When Hubert Davis first faced Kansas

Hubert Davis versus Kansas during 1991 NCAA Final Four
Hubert Davis during his game leading 25-point performance versus Kansas in the 1991 NCAA Final Four semifinal at Indianapolis.

On January 9, 1991,  UNC junior Hubert Davis was high scorer with twenty-five points against Maryland, helping Dean Smith reached his 700th victory. As the year progressed, the Tar Heels winning season continued to unfurl. The team lost to Duke to close out the regular season, but UNC turned the tables and beat the Blue Devils to claim the ACC Tournament title.

In the NCCA Tournament, the Tar Heels destroyed Northeastern, leveled Villanova, pummeled Eastern Michigan, and eked past Temple to reach the Final Four in Indianapolis. Their opponent? Kansas, with former UNC assistant coach and future UNC head coach Roy Williams at the helm.

UNC’s trip to the “Crossroads of America” ended with a stop sign. Just like he did against Maryland, Hubert Davis led all scorers with twenty-five points. This time, however, the outcome was a 79–73 loss. The Jayhawks then faced Duke, who had defeated the University of Nevada Las Vegas 79–77. In the championship game, Duke won by the score of 72–65.

After the semifinals, Davis was the fifth leading scorer of the tournament with 96 points, averaging 19.2 per game.  UNC finished its season with a 29–6 record.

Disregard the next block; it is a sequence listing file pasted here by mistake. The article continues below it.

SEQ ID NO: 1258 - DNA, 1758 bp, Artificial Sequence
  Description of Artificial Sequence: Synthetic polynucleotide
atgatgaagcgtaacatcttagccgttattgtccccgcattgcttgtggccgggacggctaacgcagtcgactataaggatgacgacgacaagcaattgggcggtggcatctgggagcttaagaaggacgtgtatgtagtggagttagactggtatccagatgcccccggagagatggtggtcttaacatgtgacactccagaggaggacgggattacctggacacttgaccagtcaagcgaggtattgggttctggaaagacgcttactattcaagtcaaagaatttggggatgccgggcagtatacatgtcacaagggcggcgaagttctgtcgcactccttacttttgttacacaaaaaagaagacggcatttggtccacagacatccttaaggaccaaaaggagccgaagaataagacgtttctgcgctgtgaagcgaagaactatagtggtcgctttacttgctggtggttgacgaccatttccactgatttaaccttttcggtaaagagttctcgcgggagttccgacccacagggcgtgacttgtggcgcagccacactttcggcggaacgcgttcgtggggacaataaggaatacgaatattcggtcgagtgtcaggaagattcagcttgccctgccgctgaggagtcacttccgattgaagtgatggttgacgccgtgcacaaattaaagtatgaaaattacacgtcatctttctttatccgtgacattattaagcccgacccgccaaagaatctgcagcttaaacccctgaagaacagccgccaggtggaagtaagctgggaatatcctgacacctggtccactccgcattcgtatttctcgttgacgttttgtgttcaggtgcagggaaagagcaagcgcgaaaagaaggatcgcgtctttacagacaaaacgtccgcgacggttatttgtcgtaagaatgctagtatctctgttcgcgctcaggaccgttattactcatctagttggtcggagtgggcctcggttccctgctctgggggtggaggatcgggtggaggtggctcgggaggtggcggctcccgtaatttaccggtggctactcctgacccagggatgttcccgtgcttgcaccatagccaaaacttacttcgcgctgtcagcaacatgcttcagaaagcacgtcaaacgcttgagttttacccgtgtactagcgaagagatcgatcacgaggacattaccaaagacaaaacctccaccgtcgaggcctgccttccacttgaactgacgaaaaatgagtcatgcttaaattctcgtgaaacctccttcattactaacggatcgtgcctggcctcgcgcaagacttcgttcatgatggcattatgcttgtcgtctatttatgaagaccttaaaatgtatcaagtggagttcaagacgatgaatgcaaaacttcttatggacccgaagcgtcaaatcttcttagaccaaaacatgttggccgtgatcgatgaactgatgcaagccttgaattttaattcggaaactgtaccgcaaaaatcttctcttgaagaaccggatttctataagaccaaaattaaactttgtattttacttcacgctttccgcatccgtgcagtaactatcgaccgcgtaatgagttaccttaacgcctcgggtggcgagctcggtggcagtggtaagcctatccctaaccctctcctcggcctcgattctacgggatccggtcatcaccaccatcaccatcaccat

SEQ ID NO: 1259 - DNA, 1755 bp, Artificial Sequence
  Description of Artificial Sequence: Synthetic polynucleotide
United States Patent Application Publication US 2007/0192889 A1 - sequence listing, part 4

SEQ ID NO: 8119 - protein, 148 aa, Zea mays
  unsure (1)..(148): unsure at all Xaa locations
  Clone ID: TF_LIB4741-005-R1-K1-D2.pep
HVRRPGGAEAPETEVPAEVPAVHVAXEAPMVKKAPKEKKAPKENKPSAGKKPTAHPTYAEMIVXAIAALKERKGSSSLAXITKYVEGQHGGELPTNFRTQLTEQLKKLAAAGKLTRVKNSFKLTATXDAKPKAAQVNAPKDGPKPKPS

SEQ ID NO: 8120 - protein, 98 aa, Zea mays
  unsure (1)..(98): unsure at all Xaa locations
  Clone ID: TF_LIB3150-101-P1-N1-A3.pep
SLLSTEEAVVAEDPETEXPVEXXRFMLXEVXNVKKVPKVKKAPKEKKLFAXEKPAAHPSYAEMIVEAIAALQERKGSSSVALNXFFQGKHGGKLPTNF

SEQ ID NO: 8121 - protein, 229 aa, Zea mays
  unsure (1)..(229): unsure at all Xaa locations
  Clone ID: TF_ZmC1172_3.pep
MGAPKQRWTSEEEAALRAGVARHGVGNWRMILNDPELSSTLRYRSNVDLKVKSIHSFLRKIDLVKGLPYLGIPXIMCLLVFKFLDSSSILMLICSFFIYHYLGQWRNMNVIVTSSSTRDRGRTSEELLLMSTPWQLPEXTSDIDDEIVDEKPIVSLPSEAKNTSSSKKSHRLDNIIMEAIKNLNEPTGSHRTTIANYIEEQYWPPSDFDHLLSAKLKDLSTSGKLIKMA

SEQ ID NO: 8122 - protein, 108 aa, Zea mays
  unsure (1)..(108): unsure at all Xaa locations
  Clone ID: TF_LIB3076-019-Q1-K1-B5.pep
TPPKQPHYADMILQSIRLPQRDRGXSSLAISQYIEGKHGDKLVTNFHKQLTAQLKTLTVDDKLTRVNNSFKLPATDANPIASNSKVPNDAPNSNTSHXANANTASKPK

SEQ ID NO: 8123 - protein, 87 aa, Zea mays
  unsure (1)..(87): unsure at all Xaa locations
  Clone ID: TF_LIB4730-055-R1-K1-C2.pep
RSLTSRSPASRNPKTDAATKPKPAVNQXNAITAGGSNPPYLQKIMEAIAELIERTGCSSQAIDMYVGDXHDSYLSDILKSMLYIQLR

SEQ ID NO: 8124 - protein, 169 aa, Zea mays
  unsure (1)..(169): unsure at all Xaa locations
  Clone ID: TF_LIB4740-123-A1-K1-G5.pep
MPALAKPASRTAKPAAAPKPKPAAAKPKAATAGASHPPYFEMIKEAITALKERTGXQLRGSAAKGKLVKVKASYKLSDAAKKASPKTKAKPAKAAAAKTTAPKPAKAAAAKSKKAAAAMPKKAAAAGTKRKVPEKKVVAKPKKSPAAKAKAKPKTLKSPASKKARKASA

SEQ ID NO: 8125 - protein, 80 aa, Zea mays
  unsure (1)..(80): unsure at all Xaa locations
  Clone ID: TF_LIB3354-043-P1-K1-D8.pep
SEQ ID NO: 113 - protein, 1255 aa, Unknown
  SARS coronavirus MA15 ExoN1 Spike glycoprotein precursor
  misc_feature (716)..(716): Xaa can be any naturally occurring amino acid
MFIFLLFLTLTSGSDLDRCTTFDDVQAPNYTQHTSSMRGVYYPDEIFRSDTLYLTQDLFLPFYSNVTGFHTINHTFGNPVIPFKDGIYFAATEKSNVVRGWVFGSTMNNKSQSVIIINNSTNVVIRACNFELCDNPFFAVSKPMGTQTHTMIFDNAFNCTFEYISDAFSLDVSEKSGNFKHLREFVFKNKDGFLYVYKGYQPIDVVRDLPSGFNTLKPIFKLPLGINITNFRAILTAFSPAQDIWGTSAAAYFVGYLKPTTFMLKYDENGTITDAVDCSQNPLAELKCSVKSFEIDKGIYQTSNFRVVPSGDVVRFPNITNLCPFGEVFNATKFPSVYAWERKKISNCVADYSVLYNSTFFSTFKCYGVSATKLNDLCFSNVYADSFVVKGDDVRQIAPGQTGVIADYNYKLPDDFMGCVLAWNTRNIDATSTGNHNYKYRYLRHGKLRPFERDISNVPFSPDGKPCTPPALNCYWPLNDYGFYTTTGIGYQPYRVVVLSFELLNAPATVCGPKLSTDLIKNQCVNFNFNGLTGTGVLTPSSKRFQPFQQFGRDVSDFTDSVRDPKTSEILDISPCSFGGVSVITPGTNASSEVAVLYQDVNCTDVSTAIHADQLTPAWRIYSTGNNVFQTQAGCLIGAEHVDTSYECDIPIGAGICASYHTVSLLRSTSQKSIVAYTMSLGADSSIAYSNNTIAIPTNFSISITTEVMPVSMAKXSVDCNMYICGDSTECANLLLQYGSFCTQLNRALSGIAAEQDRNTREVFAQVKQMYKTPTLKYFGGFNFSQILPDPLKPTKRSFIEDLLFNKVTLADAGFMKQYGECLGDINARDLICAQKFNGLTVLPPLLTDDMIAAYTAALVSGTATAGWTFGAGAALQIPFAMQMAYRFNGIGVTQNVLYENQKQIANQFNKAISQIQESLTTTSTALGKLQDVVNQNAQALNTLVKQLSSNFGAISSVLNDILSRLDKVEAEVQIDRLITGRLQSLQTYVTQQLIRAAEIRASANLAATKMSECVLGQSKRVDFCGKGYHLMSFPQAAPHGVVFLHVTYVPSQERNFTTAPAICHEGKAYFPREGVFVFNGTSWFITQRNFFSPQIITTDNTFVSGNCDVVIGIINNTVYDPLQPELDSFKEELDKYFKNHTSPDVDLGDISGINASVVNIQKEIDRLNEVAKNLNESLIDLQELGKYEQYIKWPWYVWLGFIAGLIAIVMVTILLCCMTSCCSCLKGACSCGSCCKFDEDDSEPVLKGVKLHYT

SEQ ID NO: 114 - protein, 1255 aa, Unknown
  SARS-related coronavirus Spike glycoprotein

Ten years ago, on March 18th, 2012 Bill Richards, a colleague who worked in the library’s Digital Production Center, passed away unexpectedly while watching the Tar Heel’s basketball team defeat Creighton University in the “Sweet Sixteen” round of the NCAA Men’s Basketball Tournament.  In 1982, Bill was the Chief Photographer for the Chapel Hill Newspaper.  In 1988, he began working as a photographer and graphic designer in the UNC Office of Sports information.  In 1998 he started working in Library Photographic Services, but continued shooting for Sports Information into the 2000s. I am dedicating this blog post, as I have each year since his departure, to Bill who, like Hugh Morton, was an avid UNC basketball fan.

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